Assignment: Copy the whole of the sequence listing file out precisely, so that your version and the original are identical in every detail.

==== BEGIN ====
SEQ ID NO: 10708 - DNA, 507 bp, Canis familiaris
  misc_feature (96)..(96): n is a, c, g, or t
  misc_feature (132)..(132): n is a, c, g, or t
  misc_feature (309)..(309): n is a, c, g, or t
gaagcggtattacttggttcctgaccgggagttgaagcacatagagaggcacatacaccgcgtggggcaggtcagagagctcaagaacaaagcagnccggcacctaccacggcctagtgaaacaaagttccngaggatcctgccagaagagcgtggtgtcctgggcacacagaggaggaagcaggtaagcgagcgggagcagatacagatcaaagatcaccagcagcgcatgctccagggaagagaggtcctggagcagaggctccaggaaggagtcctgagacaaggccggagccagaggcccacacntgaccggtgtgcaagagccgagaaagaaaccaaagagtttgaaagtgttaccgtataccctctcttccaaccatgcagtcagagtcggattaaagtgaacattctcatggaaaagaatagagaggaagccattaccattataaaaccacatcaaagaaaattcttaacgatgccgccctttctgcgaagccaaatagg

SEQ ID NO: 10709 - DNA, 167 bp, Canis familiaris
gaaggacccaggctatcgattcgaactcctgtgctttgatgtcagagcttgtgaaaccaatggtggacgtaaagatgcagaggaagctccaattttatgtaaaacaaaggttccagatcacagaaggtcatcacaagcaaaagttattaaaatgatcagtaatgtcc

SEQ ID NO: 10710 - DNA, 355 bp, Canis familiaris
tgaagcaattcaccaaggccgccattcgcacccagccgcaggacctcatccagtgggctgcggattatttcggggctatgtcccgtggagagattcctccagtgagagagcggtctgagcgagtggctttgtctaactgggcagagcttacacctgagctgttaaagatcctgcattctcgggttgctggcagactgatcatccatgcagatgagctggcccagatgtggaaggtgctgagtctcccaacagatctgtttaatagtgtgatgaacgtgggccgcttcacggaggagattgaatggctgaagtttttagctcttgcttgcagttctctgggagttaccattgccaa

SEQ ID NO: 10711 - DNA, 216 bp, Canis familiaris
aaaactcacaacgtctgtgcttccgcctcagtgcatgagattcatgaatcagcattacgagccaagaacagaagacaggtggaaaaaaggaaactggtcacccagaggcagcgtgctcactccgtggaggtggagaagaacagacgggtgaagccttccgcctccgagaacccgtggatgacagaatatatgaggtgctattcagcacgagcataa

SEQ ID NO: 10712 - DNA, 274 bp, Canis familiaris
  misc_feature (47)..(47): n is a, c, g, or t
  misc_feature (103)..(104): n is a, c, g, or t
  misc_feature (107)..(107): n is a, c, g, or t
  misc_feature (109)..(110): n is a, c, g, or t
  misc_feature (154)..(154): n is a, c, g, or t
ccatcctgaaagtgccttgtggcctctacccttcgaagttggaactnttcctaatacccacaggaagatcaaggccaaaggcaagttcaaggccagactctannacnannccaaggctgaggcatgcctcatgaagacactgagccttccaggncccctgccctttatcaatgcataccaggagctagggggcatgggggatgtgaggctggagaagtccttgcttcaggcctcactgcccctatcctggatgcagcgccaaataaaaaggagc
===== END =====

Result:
SEQ ID NO: 10708 - DNA, 507 bp, Canis familiaris
  misc_feature (96)..(96): n is a, c, g, or t
  misc_feature (132)..(132): n is a, c, g, or t
  misc_feature (309)..(309): n is a, c, g, or t
gaagcggtattacttggttcctgaccgggagttgaagcacatagagaggcacatacaccgcgtggggcaggtcagagagctcaagaacaaagcagnccggcacctaccacggcctagtgaaacaaagttccngaggatcctgccagaagagcgtggtgtcctgggcacacagaggaggaagcaggtaagcgagcgggagcagatacagatcaaagatcaccagcagcgcatgctccagggaagagaggtcctggagcagaggctccaggaaggagtcctgagacaaggccggagccagaggcccacacntgaccggtgtgcaagagccgagaaagaaaccaaagagtttgaaagtgttaccgtataccctctcttccaaccatgcagtcagagtcggattaaagtgaacattctcatggaaaagaatagagaggaagccattaccattataaaaccacatcaaagaaaattcttaacgatgccgccctttctgcgaagccaaatagg

SEQ ID NO: 10709 - DNA, 167 bp, Canis familiaris
gaaggacccaggctatcgattcgaactcctgtgctttgatgtcagagcttgtgaaaccaatggtggacgtaaagatgcagaggaagctccaattttatgtaaaacaaaggttccagatcacagaaggtcatcacaagcaaaagttattaaaatgatcagtaatgtcc

SEQ ID NO: 10710 - DNA, 355 bp, Canis familiaris
tgaagcaattcaccaaggccgccattcgcacccagccgcaggacctcatccagtgggctgcggattatttcggggctatgtcccgtggagagattcctccagtgagagagcggtctgagcgagtggctttgtctaactgggcagagcttacacctgagctgttaaagatcctgcattctcgggttgctggcagactgatcatccatgcagatgagctggcccagatgtggaaggtgctgagtctcccaacagatctgtttaatagtgtgatgaacgtgggccgcttcacggaggagattgaatggctgaagtttttagctcttgcttgcagttctctgggagttaccattgccaa

SEQ ID NO: 10711 - DNA, 216 bp, Canis familiaris
aaaactcacaacgtctgtgcttccgcctcagtgcatgagattcatgaatcagcattacgagccaagaacagaagacaggtggaaaaaaggaaactggtcacccagaggcagcgtgctcactccgtggaggtggagaagaacagacgggtgaagccttccgcctccgagaacccgtggatgacagaatatatgaggtgctattcagcacgagcataa

SEQ ID NO: 10712 - DNA, 274 bp, Canis familiaris
  misc_feature (47)..(47): n is a, c, g, or t
  misc_feature (103)..(104): n is a, c, g, or t
  misc_feature (107)..(107): n is a, c, g, or t
  misc_feature (109)..(110): n is a, c, g, or t
  misc_feature (154)..(154): n is a, c, g, or t
ccatcctgaaagtgccttgtggcctctacccttcgaagttggaactnttcctaatacccacaggaagatcaaggccaaaggcaagttcaaggccagactctannacnannccaaggctgaggcatgcctcatgaagacactgagccttccaggncccctgccctttatcaatgcataccaggagctagggggcatgggggatgtgaggctggagaagtccttgcttcaggcctcactgcccctatcctggatgcagcgccaaataaaaaggagc